# The new Logical Assignment Operators in JavaScript

The latest version of ECMAScript introduced three new logical assignment operators: nullish, AND, and OR operators. These are supported from Firefox 79 onwards, Chrome 85 onwards, and naturally there is no IE support but since Edge is now chromium based, it is available there too. They are not available in Node.js quite yet either.

The new logical assignment operators are syntactical additions to write cleaner assignment in JavaScript. They have the same short-circuit behavior as the existing logical operators (+= and -=) and thus some people might love them and some people might not like them. But just like every new feature, we will eventually get used to them.

Let us take a look at the three new logical assignment operators:

## Logical Nullish Assignment (??=)

``expr1 ??= expr2``

The logical nullish operator only assigns the value to expr1 only if it is nullish (null or undefined).

The expression:

``x ??= y``

might look to be equivalent to:

``x = x ?? y;``

But it is not! There is a subtle difference.

The nullish coalescing operator (??) operates from left to right and short circuits if x is not nullish. So the expression “y” will never be evaluated if x were not null nor undefined. Thus, if y was a function, it would not be invoked at all.

Therefore, this logical assignment operator is equivalent to:

``x ?? (x = y);``

Thus, this behavior is different than mathematical and bitwise assignment operators and is an important distinction to note. This applies to the next two operators as well.

## Logical OR Assignment (||=)

This logical assignment operator only assigns the value if the left-hand expression is falsy. Falsy is different than nullish since falsy can be any of the valeus: false, 0, “”, null, undefined, and NaN and a few more.

The syntax:

``x ||= y``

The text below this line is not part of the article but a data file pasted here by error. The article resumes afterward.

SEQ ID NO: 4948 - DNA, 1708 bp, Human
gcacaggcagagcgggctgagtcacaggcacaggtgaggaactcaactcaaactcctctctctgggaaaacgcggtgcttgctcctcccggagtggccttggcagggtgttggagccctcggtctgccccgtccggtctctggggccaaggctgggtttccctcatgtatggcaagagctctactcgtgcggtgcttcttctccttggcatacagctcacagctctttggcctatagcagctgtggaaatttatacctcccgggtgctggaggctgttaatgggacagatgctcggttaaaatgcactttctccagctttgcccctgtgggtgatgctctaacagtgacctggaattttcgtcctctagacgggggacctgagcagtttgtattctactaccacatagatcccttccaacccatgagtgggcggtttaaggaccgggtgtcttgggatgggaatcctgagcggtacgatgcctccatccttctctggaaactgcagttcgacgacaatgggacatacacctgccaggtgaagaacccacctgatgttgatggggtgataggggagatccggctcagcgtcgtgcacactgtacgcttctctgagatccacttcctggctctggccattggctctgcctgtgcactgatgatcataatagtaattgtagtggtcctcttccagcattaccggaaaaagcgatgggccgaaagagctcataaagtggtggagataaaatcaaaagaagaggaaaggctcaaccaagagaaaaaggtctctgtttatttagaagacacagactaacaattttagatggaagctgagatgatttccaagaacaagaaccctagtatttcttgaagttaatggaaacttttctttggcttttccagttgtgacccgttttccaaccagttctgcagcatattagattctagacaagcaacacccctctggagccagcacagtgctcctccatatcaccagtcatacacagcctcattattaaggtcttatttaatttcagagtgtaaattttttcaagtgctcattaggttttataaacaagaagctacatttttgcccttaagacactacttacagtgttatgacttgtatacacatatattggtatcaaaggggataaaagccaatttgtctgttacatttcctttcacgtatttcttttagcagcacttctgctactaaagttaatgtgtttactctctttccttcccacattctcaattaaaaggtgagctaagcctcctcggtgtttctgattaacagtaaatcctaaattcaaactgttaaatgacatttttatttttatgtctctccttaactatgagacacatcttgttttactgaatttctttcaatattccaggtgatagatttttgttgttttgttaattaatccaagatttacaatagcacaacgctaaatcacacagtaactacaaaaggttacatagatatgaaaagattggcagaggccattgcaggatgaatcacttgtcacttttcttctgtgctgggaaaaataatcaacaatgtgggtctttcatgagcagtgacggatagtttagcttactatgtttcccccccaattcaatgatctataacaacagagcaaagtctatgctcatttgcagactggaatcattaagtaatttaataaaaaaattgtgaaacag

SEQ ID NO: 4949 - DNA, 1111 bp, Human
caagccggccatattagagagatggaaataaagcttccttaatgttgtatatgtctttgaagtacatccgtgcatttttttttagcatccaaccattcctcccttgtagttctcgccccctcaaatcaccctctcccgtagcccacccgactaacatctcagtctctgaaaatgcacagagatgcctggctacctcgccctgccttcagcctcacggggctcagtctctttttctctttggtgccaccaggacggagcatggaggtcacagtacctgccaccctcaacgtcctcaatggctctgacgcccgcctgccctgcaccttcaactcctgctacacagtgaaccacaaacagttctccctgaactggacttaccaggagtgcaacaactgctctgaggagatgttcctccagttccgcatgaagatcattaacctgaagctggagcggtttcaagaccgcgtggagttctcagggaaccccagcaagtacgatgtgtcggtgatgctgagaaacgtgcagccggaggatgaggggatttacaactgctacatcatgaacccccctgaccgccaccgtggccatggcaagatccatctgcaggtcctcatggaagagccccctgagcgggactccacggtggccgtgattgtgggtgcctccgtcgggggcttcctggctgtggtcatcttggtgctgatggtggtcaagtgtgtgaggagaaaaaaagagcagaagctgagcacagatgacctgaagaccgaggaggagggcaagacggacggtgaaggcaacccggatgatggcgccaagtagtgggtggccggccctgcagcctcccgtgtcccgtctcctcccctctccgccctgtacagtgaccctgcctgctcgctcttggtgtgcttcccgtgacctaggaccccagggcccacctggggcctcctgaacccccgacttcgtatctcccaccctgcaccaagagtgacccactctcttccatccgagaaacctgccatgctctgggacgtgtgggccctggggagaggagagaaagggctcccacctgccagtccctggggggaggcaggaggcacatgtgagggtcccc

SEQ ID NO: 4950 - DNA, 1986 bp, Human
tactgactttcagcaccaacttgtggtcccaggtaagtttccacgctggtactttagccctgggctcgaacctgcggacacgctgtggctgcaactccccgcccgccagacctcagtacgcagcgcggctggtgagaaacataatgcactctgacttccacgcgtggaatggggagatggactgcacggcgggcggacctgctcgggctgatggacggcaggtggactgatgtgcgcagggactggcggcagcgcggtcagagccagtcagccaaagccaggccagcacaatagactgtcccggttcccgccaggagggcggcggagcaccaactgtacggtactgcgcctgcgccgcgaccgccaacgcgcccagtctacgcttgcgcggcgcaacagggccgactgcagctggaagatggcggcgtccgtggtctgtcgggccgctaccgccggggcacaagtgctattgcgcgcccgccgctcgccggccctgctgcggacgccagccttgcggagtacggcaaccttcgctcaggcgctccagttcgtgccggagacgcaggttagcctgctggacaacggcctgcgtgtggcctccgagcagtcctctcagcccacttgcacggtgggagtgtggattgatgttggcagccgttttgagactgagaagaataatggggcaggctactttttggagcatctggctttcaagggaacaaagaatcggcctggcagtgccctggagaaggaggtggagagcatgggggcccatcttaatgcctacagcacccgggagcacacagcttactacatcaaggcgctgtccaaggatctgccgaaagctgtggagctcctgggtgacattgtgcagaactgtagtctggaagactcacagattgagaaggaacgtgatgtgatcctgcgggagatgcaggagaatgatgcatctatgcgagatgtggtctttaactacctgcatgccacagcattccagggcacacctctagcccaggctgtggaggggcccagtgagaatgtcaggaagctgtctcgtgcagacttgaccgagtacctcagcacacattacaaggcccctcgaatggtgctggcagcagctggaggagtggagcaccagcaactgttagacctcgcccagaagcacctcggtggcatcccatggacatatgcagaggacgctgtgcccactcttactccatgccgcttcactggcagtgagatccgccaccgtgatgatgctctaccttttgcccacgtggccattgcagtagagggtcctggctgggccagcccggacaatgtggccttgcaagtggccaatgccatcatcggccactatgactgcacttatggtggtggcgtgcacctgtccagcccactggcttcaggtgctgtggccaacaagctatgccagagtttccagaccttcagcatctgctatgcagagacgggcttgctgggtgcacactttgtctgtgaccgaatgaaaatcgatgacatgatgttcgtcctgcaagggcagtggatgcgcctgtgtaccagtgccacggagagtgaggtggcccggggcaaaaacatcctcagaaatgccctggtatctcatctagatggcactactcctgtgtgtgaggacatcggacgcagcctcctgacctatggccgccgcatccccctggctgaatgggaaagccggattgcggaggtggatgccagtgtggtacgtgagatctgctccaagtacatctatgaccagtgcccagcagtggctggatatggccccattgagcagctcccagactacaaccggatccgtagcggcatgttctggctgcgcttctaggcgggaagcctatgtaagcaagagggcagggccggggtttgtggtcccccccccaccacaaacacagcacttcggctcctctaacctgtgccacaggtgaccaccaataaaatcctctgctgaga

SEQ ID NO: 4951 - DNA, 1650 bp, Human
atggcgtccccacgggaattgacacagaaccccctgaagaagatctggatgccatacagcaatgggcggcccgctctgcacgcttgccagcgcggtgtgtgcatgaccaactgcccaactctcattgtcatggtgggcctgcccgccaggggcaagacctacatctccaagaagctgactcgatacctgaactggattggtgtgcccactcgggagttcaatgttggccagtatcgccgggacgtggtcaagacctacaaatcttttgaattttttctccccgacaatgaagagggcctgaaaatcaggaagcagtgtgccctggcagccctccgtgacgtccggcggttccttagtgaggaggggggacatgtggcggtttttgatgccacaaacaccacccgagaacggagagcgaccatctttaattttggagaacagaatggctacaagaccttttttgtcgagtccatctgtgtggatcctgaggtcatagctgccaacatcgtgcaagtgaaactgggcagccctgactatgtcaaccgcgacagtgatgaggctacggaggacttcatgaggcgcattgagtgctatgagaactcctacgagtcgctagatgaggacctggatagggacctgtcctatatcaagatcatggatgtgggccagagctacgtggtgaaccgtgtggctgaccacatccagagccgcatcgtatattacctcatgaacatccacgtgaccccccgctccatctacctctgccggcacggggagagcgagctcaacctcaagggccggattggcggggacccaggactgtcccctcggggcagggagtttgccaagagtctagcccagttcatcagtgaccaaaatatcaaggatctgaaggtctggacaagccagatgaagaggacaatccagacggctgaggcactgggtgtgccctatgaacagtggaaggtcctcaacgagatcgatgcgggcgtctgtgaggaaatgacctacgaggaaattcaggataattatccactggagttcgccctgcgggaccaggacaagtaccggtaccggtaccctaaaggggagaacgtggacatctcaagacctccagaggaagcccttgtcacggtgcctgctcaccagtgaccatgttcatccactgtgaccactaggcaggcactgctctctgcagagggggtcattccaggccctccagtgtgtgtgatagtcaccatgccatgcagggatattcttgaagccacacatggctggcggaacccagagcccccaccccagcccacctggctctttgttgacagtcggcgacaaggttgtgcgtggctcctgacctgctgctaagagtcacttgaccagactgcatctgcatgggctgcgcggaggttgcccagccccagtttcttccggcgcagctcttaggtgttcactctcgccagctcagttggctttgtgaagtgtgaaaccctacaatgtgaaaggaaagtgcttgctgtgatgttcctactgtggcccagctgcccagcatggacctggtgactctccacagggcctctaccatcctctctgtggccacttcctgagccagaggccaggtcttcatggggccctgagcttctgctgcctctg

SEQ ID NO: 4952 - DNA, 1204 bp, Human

is again equivalent to :

``x || (x = y)``

This can be useful in cases where we want to keep the existing value if it does not exist, otherwise we want to assign a default to it. For example, we want to set the inner HTML of an element to a default value if there is no data from a search request. Otherwise we want to display the existing list. This way, we avoid unnecessary updates and any side-effects such as parsing, re-rendering, losing focus etc. We can simply use this operator to update our HTML using JavaScript:

``````document.getElementById('search').innerHTML ||= '<i>No posts found matching this search.</i>'
``````

## Logical AND Assignment (&&=)

As you might have already guessed, this logical assignment operator only assigns the value if the left-hand side is truthy. Thus:

``x &&= y``

whose equivalent again would be:

``x && (x = y)``

And that is all you need to know about these operators!

What do you think about these new operators being added to JavaScript? Do you like them/hate them? Let us know in the comments section below!

### How to sort a Set in JavaScript

ES6 introduced the set data structure in JavaScript. But sets are not ordered abstract data structures. So there is no .sort() property...

### Debugging CSS scroll using one simple style

I have been doing a lot of complicated front-end work off lately and that always brings me back to the class conundrum...

### CSS :has a parent selector now

CSS now includes a :has selector that allows us to apply styles on the basis of what is happening inside an element....

### How to fix “invalid active developer path” after MacOS update

If you are here, then you are getting an "invalid active developer path" error on running commands in the terminal after a...

### Getting the value of an input element as a number without parseInt

Every once in a while, you come across something and you think, how did I not know this earlier? valueAsNumber is that thing...

### Hi there! Want some more knowledge?

Think that the knowledge shared is helpful? You might want to give our mailing list a try. We'll send you 2-4 emails a month, right when new posts come out.

Hi there! Want some more knowledge?

Think that the knowledge shared is helpful? You might want to give our mailing list a try. We'll send you 2-4 emails a month, right when new posts come out.